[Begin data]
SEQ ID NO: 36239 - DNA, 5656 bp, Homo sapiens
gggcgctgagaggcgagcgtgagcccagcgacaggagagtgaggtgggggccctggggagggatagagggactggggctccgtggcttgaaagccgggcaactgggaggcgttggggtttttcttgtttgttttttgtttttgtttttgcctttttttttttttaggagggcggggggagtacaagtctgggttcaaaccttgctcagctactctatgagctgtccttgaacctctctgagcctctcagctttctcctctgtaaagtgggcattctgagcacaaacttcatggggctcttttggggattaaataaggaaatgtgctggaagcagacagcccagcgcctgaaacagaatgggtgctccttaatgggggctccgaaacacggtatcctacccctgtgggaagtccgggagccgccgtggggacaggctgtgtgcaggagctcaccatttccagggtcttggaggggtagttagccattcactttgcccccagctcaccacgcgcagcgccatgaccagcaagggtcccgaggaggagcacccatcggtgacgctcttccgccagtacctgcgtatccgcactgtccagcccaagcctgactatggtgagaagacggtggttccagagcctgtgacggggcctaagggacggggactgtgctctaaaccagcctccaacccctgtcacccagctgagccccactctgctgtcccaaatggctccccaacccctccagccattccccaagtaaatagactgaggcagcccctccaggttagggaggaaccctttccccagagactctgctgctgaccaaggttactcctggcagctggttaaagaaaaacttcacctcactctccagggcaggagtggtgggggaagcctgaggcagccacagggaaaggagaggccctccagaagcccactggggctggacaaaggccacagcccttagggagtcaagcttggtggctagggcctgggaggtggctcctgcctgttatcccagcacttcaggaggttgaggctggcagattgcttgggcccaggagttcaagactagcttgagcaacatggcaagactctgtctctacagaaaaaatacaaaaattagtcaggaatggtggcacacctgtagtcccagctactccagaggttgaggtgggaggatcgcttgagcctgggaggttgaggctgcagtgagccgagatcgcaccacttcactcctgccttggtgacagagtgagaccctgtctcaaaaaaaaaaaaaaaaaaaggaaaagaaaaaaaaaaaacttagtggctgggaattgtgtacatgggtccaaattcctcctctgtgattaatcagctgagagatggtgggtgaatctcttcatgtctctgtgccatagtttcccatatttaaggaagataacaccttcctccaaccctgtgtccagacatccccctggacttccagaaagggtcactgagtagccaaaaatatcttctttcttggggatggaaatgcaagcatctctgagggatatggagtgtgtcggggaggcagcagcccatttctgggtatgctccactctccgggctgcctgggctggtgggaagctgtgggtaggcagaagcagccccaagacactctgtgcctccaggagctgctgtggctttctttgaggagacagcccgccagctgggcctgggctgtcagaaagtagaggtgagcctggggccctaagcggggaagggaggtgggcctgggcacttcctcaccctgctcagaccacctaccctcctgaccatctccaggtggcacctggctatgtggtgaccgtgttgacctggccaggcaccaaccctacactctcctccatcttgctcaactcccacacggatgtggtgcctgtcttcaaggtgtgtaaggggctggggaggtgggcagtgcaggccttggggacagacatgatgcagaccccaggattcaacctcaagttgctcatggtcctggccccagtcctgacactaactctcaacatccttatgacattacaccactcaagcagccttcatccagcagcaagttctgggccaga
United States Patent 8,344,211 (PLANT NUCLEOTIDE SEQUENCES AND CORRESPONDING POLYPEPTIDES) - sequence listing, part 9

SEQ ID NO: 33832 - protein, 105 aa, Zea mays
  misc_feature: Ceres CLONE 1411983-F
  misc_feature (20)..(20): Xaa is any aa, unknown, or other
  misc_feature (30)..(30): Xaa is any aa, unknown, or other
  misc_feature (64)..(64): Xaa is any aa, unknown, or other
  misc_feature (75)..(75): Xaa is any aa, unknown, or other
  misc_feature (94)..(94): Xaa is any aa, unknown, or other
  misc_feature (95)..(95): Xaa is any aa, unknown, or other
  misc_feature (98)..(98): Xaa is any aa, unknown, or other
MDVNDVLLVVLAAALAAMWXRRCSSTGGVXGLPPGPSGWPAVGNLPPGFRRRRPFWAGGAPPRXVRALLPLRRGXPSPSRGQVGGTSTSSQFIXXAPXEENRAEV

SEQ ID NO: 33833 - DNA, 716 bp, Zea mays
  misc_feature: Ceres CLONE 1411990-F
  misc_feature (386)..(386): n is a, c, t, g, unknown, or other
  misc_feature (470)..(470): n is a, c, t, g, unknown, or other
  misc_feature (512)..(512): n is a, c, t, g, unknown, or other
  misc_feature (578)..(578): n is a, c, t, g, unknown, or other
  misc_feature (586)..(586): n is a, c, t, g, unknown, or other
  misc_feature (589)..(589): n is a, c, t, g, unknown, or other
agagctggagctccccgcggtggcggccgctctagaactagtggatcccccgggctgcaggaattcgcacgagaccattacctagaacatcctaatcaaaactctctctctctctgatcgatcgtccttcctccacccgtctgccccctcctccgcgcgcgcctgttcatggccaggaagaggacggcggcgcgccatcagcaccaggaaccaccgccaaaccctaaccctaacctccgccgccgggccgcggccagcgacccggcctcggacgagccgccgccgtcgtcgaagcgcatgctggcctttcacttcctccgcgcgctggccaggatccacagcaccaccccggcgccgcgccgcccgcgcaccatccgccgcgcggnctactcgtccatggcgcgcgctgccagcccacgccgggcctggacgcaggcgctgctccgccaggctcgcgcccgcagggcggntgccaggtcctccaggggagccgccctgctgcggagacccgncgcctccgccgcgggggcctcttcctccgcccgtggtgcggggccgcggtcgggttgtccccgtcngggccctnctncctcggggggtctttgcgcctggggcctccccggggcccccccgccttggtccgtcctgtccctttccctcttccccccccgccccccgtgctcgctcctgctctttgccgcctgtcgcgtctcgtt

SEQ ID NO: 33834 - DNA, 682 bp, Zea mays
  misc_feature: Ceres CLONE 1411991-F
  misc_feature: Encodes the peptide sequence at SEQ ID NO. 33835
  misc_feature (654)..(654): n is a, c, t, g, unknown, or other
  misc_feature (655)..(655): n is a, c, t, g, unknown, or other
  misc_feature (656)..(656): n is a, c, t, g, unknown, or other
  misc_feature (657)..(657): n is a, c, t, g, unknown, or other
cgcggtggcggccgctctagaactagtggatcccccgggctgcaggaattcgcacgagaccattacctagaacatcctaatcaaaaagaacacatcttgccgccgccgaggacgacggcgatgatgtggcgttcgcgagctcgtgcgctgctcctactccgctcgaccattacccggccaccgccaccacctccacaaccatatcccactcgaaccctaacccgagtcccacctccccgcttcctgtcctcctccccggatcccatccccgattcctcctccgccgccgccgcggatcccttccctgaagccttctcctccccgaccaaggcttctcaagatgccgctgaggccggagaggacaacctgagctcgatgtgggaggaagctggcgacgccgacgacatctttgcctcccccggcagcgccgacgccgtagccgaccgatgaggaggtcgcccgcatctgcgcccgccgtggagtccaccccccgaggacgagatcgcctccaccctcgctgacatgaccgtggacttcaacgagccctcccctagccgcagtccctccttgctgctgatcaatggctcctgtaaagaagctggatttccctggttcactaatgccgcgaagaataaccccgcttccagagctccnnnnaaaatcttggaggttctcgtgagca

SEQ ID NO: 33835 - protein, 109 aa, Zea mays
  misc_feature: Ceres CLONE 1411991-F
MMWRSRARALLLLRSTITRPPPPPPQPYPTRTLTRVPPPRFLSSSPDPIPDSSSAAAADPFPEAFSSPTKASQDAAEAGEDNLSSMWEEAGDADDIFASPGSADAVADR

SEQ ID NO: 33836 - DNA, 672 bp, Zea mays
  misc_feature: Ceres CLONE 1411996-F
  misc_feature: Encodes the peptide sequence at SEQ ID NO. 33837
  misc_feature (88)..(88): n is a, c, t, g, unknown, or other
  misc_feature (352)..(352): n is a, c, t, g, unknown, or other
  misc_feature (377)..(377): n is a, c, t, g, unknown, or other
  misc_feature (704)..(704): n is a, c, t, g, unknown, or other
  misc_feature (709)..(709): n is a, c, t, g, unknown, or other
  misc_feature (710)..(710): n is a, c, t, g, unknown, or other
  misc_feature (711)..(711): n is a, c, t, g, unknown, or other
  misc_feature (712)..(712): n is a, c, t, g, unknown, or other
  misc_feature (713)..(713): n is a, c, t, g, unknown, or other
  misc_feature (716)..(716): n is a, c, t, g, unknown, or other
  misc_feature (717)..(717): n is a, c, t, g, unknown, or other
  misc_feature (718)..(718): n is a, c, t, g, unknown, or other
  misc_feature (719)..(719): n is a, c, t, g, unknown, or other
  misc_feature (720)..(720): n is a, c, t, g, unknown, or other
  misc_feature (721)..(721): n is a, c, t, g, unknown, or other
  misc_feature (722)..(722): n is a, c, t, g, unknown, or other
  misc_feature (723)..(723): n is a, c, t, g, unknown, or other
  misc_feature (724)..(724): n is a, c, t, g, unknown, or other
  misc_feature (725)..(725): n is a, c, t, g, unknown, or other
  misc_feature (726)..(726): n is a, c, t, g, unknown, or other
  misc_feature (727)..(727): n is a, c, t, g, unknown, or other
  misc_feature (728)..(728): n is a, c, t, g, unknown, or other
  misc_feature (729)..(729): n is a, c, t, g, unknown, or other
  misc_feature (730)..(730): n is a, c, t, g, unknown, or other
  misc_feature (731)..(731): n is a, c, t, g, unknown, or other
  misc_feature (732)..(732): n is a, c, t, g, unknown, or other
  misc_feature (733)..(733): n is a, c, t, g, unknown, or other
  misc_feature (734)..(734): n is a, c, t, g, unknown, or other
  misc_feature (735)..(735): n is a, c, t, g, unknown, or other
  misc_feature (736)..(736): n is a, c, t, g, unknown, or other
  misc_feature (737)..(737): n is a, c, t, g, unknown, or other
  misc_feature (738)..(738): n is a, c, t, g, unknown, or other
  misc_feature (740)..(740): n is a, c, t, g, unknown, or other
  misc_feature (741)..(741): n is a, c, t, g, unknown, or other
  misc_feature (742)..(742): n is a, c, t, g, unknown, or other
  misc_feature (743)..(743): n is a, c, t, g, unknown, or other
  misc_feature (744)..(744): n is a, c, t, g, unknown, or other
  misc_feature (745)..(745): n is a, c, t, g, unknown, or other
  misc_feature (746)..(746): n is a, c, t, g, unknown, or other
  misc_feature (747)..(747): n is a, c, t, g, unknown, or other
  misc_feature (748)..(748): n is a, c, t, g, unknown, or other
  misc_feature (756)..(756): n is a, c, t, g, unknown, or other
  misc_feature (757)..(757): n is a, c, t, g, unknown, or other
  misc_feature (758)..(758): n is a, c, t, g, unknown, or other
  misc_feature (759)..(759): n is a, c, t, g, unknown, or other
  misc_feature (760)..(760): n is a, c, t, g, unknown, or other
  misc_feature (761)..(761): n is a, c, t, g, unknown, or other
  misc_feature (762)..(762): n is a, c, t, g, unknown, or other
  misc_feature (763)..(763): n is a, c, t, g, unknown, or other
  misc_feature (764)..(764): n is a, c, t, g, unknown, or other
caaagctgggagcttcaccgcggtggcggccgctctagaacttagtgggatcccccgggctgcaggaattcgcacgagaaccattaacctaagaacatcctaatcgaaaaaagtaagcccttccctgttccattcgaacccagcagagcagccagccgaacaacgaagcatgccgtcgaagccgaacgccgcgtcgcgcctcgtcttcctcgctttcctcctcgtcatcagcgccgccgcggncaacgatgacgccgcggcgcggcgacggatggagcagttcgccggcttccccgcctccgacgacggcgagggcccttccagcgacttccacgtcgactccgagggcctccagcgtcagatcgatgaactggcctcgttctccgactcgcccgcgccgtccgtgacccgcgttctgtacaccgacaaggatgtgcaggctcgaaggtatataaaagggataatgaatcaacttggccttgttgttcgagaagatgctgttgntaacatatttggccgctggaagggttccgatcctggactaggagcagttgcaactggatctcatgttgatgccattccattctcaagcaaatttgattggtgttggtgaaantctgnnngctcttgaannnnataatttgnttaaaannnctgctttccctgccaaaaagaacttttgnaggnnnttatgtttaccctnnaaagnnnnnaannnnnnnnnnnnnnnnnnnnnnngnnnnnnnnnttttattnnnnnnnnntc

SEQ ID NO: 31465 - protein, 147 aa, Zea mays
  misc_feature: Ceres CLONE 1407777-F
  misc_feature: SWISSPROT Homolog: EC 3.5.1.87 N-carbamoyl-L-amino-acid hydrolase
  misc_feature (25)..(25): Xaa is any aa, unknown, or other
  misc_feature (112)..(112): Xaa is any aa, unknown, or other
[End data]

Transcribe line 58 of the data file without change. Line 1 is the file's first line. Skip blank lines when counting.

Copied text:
  misc_feature (728)..(728): n is a, c, t, g, unknown, or other